A key strategic difference is that this time around, candidates' TV ads are increasingly generating heavy, unpaid "earned media" on cable news stations and in network news shows. Technological advances have allowed more people to view more of the candidates' advertising on the Web, either via official sites or ads being sent to supporters virally.
the ripple effect
"A huge part of the presidential campaign is what fuels free media and a big part of advertising strategy has to acknowledge that," said Mr. Dowd. He noted that the controversy over Sept. 11 images in Mr. Bush's campaign ads resulted in $6 million in free air time for the ads and 40 million people seeing the spots who otherwise would not have seen them.
Mr. McKinnon said the 5 million to 6 million supporters who view the ads on the Web are crucial. "Those 6 million talk to 6 million others and it's like a rock hitting a pond. And the ripples stretch pretty far. The Internet is a great new tool for that." Mr. Schriefer said the campaign also has to now consider the impact of people viewing ads as news stories along with those viewing them as ads.
He also said he is making far more use of technology this time to prepare creative. Work gets put on a protected Web site and each of the dozen or so members of the team can offer input.
As expected, the Bush team is cagey about its plans, but offers clues.
Mr. Dowd said he would be surprised if current gross rating point levels for the Bush ads in the 19 or so states at stake continue through the whole campaign. He also said the campaign will continue its most extensive use of national cable in a presidential race.
"For a lot of reasons that we have researched, the efficiencies, the audience ... we will continue that," he said. "There is an audience watching the Learning Channel that we are advertising on. Various swing groups. It's an efficient way to reach them."
Mr. McKinnon said he felt the Gore campaign four years ago overused regional ads and underused an overall message, and the Bush campaign did the opposite. "We will admit that we had a very good national campaign and not as good a regionalized or local campaign. We have to do a better job" now, he said, adding that he has asked certain members of his team to monitor individual states.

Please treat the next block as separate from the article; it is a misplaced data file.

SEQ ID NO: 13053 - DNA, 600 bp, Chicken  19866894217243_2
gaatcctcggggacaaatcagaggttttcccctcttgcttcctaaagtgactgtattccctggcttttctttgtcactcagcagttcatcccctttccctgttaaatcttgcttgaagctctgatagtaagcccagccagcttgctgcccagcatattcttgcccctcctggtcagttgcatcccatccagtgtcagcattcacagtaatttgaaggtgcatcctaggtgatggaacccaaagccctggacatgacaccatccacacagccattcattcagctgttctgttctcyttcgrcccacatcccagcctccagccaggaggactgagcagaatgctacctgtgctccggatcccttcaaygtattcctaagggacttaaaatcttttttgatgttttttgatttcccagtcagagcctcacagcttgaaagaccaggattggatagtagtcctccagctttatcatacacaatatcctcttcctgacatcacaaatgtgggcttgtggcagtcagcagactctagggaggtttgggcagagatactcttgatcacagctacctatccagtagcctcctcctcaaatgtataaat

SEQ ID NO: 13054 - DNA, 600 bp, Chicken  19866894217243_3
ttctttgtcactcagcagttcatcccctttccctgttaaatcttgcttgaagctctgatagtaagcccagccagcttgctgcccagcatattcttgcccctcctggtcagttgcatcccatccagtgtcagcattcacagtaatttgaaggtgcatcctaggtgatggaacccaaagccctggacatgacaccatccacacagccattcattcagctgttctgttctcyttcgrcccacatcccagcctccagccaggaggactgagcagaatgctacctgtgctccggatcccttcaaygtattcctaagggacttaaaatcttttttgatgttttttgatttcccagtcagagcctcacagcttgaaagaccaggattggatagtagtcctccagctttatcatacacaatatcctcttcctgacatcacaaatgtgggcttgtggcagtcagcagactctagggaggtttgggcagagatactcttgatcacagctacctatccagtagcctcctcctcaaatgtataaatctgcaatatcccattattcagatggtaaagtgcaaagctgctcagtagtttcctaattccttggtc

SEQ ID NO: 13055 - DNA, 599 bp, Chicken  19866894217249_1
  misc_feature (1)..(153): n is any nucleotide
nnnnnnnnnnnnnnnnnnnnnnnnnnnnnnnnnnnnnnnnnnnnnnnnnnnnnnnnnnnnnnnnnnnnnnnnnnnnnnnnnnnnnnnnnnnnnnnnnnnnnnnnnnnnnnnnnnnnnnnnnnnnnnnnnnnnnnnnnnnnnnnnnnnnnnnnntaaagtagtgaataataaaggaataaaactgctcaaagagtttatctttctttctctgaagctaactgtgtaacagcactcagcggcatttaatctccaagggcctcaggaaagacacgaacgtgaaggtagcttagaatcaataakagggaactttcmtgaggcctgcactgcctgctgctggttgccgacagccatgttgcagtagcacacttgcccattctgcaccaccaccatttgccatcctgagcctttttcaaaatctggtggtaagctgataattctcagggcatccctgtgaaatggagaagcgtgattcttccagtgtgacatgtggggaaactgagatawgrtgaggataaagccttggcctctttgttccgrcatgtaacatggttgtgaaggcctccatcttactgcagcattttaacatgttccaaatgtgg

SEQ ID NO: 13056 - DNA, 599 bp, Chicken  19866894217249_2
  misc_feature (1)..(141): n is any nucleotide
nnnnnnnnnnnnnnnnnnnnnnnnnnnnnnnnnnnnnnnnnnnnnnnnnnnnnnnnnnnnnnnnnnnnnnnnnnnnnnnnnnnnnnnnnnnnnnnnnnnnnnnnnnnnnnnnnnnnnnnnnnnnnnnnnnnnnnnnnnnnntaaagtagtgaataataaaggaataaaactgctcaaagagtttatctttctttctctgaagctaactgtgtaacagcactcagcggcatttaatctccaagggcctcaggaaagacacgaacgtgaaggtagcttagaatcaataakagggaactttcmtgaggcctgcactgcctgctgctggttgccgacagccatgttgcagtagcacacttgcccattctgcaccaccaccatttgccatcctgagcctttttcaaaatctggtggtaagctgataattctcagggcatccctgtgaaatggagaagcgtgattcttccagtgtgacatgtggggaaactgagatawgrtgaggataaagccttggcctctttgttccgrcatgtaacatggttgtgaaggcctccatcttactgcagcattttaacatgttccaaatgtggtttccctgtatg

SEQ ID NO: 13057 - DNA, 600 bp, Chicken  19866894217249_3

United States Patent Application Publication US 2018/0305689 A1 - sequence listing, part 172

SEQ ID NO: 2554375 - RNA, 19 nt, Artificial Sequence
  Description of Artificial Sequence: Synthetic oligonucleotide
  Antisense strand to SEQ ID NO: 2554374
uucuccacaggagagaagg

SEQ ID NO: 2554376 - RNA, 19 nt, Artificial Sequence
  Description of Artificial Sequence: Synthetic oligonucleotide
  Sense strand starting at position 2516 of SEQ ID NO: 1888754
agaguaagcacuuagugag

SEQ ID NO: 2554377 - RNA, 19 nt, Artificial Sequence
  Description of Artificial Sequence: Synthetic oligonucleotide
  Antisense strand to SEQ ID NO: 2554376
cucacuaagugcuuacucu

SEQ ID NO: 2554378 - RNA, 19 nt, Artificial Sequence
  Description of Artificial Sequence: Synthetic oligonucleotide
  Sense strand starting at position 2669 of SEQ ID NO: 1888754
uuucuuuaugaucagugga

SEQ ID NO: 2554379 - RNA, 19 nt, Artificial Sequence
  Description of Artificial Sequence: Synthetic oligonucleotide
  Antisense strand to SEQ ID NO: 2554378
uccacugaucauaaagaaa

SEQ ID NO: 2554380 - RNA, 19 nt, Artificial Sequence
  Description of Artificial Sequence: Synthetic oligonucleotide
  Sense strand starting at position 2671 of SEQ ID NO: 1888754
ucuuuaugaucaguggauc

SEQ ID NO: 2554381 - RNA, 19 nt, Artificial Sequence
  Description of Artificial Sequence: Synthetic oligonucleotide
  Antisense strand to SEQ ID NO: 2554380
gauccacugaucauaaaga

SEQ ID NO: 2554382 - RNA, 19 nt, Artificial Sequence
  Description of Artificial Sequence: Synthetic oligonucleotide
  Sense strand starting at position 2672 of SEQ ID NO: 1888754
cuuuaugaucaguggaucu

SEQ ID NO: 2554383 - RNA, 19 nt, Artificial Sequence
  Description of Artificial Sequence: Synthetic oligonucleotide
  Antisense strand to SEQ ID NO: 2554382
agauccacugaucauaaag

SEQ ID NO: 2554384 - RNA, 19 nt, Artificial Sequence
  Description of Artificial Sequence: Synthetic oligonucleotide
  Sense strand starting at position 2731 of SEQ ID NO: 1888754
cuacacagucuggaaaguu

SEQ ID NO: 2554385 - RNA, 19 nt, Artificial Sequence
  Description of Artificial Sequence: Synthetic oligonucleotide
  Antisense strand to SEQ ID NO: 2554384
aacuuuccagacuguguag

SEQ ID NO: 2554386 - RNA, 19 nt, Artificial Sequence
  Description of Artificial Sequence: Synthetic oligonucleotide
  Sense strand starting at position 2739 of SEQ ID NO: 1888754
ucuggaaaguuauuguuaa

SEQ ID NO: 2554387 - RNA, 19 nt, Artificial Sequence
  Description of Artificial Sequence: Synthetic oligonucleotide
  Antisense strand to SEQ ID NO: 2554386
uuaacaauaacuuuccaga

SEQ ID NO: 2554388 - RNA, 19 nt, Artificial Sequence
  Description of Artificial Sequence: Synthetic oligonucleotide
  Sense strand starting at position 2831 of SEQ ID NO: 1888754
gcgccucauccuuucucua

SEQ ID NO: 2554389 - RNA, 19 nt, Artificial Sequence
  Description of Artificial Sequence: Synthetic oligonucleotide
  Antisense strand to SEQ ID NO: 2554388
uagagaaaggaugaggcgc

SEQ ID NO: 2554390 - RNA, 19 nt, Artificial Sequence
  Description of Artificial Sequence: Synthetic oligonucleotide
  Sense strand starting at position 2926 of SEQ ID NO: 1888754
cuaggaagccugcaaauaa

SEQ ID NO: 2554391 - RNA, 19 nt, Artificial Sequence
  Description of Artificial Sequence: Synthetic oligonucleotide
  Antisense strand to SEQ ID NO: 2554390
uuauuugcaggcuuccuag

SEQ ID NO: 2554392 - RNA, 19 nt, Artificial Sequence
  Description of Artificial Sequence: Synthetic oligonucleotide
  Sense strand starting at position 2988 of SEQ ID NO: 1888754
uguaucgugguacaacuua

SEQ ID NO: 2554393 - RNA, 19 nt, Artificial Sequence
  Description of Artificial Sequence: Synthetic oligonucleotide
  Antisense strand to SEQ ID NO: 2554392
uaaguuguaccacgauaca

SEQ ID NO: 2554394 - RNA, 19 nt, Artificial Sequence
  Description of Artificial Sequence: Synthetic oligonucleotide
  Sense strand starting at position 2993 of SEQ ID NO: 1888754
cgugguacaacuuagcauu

The campaign has already produced a number of ads for later use, but he declined to say how many or what they are about. "We continue to refine and adjust and also to continue to respond creatively and strategically to the environment as it involves, but we have a long-range plan."
This election, the early drama and the mudslinging has clearly commanded America's attention. "People are very interested in this because of the black-and-white nature of this election," said Mr. Dowd, who also predicted the political conventions will draw record audiences this year.
"There is dramatic difference between these two candidates, not only as individuals, but on where they stand. I think from both sides, Republican and Democratic, there is a high level of interest in this election. It's not like [just] two people running. There are as dramatic differences in these two people as you have had in 20 or 30 years. That has caused people's interest to be raised. You have a higher level of interest eight months before Election Day than you had in October four years ago."
Maverick Media aims to keep it that way.